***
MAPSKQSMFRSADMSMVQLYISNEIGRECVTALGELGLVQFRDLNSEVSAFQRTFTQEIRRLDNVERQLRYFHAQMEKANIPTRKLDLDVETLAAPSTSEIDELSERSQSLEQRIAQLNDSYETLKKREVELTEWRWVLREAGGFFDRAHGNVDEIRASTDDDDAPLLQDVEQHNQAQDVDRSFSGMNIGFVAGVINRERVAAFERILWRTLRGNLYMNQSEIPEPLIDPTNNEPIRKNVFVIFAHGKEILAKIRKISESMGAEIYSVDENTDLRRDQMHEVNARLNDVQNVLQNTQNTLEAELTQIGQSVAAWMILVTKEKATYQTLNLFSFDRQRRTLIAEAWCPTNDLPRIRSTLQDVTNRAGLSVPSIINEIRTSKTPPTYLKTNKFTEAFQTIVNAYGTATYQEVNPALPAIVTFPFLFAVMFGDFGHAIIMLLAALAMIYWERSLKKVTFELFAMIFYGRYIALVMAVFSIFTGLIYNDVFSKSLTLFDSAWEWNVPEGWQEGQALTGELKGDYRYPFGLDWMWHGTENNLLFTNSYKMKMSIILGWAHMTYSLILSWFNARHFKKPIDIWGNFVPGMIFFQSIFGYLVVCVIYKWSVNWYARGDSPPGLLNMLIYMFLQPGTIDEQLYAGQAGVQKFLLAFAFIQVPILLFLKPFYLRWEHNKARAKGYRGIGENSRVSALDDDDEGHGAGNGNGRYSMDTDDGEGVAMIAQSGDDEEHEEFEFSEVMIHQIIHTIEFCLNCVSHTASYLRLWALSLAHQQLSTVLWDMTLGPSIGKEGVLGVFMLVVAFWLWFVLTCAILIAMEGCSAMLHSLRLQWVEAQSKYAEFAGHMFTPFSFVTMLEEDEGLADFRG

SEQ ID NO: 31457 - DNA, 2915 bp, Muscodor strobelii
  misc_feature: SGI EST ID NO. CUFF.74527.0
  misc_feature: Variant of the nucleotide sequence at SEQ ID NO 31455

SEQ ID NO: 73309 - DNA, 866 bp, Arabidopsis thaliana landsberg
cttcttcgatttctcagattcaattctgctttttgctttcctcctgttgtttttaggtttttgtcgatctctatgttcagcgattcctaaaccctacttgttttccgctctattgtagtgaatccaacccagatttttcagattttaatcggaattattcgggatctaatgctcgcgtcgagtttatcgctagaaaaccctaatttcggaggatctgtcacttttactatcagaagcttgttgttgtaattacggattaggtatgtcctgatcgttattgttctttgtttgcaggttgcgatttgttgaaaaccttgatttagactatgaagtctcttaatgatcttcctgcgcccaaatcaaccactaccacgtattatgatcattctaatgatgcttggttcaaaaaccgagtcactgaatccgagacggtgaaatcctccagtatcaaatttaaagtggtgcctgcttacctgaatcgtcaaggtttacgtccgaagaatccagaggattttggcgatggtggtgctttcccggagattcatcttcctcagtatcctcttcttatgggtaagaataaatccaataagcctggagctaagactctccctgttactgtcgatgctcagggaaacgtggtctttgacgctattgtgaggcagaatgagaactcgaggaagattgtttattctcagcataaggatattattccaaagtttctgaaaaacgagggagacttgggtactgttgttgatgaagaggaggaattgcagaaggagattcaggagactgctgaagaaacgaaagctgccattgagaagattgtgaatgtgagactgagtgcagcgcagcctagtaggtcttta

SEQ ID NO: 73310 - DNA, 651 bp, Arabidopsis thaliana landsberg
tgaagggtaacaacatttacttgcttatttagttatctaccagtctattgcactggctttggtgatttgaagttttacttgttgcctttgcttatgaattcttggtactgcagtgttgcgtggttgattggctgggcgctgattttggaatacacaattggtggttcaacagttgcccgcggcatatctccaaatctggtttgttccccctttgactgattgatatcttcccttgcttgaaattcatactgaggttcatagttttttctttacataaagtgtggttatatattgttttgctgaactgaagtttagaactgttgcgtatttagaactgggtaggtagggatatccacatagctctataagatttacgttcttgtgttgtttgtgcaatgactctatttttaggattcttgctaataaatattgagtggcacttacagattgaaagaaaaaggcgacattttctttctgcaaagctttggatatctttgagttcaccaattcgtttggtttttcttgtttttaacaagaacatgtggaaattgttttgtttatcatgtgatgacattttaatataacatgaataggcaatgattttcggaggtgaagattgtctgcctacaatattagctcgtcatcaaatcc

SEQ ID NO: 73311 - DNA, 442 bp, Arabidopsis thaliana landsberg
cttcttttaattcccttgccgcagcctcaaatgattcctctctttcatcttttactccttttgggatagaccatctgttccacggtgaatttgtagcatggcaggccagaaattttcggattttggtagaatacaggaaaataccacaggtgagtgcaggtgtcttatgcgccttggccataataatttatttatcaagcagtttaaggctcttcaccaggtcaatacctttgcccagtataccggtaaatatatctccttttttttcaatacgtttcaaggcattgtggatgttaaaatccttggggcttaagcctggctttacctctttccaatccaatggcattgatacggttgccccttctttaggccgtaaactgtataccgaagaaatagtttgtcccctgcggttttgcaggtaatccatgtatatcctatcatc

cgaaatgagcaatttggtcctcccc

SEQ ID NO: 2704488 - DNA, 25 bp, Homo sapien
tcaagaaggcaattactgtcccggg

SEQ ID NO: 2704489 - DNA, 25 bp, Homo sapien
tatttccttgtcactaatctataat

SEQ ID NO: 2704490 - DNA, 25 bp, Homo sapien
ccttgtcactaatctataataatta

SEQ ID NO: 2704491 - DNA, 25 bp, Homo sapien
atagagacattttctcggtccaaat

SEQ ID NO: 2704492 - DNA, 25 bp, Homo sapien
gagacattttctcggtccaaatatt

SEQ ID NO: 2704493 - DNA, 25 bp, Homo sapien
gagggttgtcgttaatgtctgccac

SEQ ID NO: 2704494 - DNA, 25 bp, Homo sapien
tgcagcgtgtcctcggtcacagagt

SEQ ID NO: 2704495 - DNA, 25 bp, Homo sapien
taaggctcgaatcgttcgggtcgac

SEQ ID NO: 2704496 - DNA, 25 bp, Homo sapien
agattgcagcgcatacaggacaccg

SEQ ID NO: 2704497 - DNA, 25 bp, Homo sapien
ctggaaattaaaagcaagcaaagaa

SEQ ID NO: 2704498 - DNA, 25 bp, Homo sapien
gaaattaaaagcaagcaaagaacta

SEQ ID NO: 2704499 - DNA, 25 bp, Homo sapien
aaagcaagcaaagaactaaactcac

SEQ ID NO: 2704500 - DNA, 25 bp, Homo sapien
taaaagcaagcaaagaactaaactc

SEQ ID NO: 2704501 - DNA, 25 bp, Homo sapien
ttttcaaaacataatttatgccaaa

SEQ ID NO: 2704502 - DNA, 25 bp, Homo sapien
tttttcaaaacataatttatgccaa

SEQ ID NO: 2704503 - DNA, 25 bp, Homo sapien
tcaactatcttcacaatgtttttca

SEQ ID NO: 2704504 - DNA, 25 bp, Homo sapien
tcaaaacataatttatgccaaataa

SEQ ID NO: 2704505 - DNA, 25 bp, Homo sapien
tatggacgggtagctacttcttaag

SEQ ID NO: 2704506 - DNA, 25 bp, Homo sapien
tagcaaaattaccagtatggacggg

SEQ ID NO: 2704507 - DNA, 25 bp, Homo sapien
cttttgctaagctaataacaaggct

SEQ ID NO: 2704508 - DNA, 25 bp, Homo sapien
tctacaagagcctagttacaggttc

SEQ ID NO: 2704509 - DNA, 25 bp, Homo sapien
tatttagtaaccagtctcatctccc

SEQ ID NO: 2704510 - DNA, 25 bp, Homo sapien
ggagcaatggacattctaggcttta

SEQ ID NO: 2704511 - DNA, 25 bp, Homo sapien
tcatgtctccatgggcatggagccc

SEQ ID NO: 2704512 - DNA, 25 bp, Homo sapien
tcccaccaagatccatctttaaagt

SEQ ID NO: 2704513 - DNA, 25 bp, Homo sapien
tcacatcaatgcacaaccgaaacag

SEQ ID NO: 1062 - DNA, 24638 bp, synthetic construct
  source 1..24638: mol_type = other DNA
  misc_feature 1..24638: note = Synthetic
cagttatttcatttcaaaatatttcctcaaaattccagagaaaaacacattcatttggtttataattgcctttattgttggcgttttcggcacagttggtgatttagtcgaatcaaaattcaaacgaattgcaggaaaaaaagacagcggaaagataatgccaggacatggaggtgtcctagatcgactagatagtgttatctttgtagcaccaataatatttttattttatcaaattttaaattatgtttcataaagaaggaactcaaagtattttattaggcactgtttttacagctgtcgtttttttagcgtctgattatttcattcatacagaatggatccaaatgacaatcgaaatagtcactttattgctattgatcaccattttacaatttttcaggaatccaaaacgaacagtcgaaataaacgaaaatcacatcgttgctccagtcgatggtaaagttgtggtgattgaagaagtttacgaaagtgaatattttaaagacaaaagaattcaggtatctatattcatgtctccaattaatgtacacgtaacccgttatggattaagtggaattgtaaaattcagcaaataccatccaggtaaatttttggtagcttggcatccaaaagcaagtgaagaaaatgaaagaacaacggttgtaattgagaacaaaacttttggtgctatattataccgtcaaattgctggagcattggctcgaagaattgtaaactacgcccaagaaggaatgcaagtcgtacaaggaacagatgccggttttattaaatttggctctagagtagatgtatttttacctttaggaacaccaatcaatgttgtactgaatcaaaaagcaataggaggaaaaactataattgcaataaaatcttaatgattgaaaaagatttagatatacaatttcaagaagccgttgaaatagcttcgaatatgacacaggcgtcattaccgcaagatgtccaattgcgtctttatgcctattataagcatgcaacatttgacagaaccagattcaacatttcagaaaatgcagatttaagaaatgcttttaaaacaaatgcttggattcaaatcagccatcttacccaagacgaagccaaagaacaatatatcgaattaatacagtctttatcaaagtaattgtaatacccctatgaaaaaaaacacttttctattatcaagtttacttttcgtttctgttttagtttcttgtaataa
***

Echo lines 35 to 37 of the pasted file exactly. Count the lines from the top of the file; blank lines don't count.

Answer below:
aaagcaagcaaagaactaaactcac

SEQ ID NO: 2704500 - DNA, 25 bp, Homo sapien
taaaagcaagcaaagaactaaactc